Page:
The data available are not directly comparable to those collected in Ontario. They come from three general population surveys conducted by Santé Québec in 1987, 1992, and 1998 and cover the 15-24 year age group. Respondents numbered 3,136, 3,912, and 3,587 respectively, and were divided into three age groups (15-17, 18-19, and 20-24).
At first glance, the study reveals a statistically significant drop between 1987 and 1998 in the number of young people who report no drug consumption (71.3% in 1987, 57.4% in 1992, and 50.3% in 1998). The figures for “current” consumers (last 12 months) are 39.7% for 1998 and 27% for 1992. By age group, the increase in illegal drug consumption (significant in each case to p< .001) is as follows:
Among drug users, the percentage of those who use marijuana exclusively climbed from 15% in 1992 to almost 26% in 1998, whereas the proportion of those who use other drugs remained steady at approximately 13%.
Testimony of M.J. Boyd, Chair of the Drug Abuse Committee and Deputy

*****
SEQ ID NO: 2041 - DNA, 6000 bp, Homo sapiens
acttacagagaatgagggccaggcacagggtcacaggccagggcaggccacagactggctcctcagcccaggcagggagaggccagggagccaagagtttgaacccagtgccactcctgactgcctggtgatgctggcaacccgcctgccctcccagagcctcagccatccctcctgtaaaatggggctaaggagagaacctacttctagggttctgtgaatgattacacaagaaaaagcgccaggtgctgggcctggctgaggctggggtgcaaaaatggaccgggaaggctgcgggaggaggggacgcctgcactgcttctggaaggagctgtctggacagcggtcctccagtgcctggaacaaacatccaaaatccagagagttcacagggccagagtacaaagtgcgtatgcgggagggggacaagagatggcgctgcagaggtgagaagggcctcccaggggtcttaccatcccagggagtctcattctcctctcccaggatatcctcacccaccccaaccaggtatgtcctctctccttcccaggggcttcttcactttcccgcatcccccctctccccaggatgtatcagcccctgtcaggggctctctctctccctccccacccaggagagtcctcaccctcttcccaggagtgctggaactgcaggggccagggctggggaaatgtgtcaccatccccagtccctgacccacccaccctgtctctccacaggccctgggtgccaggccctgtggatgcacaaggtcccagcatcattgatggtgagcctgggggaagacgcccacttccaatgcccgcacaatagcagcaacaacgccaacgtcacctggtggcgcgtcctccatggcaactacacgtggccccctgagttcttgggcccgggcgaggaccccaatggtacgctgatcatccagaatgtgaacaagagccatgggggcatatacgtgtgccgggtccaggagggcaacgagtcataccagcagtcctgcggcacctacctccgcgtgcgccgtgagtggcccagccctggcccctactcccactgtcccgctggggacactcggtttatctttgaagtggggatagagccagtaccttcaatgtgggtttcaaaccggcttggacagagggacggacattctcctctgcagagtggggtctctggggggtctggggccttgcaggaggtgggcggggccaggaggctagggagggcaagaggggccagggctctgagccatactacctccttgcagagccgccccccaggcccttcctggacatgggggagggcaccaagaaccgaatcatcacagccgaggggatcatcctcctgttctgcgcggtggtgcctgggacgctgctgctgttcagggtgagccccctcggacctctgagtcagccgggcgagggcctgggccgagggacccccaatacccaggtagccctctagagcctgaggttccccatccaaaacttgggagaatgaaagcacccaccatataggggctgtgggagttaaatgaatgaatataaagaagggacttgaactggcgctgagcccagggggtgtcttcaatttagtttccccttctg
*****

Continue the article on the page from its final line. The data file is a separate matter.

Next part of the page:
Chief of the Toronto
Service, Canadian Association of Chiefs of Police, Special Committee on Illegal
Drugs, Senate of Canada, first session of the thirty-seventh Parliament, March
1, 2002, Issue 14, page 77.
Testimony of Dr. Mark Zoccolillo, op.
cit., page 77.
 Testimony of R.G. Lesser, Chief Superintendent, Royal Canadian Mounted Police, Special Committee on Illegal Drugs, Senate of Canada, first session of the thirty-seventh Parliament, October 29, 2001, Issue 8, page 9.
King, A.J.C. et al., (1999) Trends
in the Health of Canadian Youth. Health Behaviours in School-Age Children.
Ottawa: Health Canada.
New Brunswick conducted student population studies in 1986, 1989, and
 See http://www.gov.ns.ca/health/student-drug-use/contents.htm for Nova Scotia and http://www.gnb.ca/0378/en/sdus1998/index.htm for New Brunswick. A summary is also available on the CCSA’s website at: http://www.ccsa.ca/Reports/STUDENT.HTM
Adlaf, E.M. and A. Paglia (2001) Drug
Use among Ontario Students 1977-2001. Findings from the OSDUS. Toronto:
Centre for Addiction and Mental Health.
Table reproduced from Adlaf and Paglia, op. cit., page 57.
 Ibid., page 58.
 Vitaro, F, Gosselin C. and A. Girard (2002) Évolution de la consommation d’alcool et de drogues chez les jeunes au Québec de 1987 à 1998: constatations, comparaisons et pistes d’explication. Montréal: Comité permanent de lutte à la toxicomanie.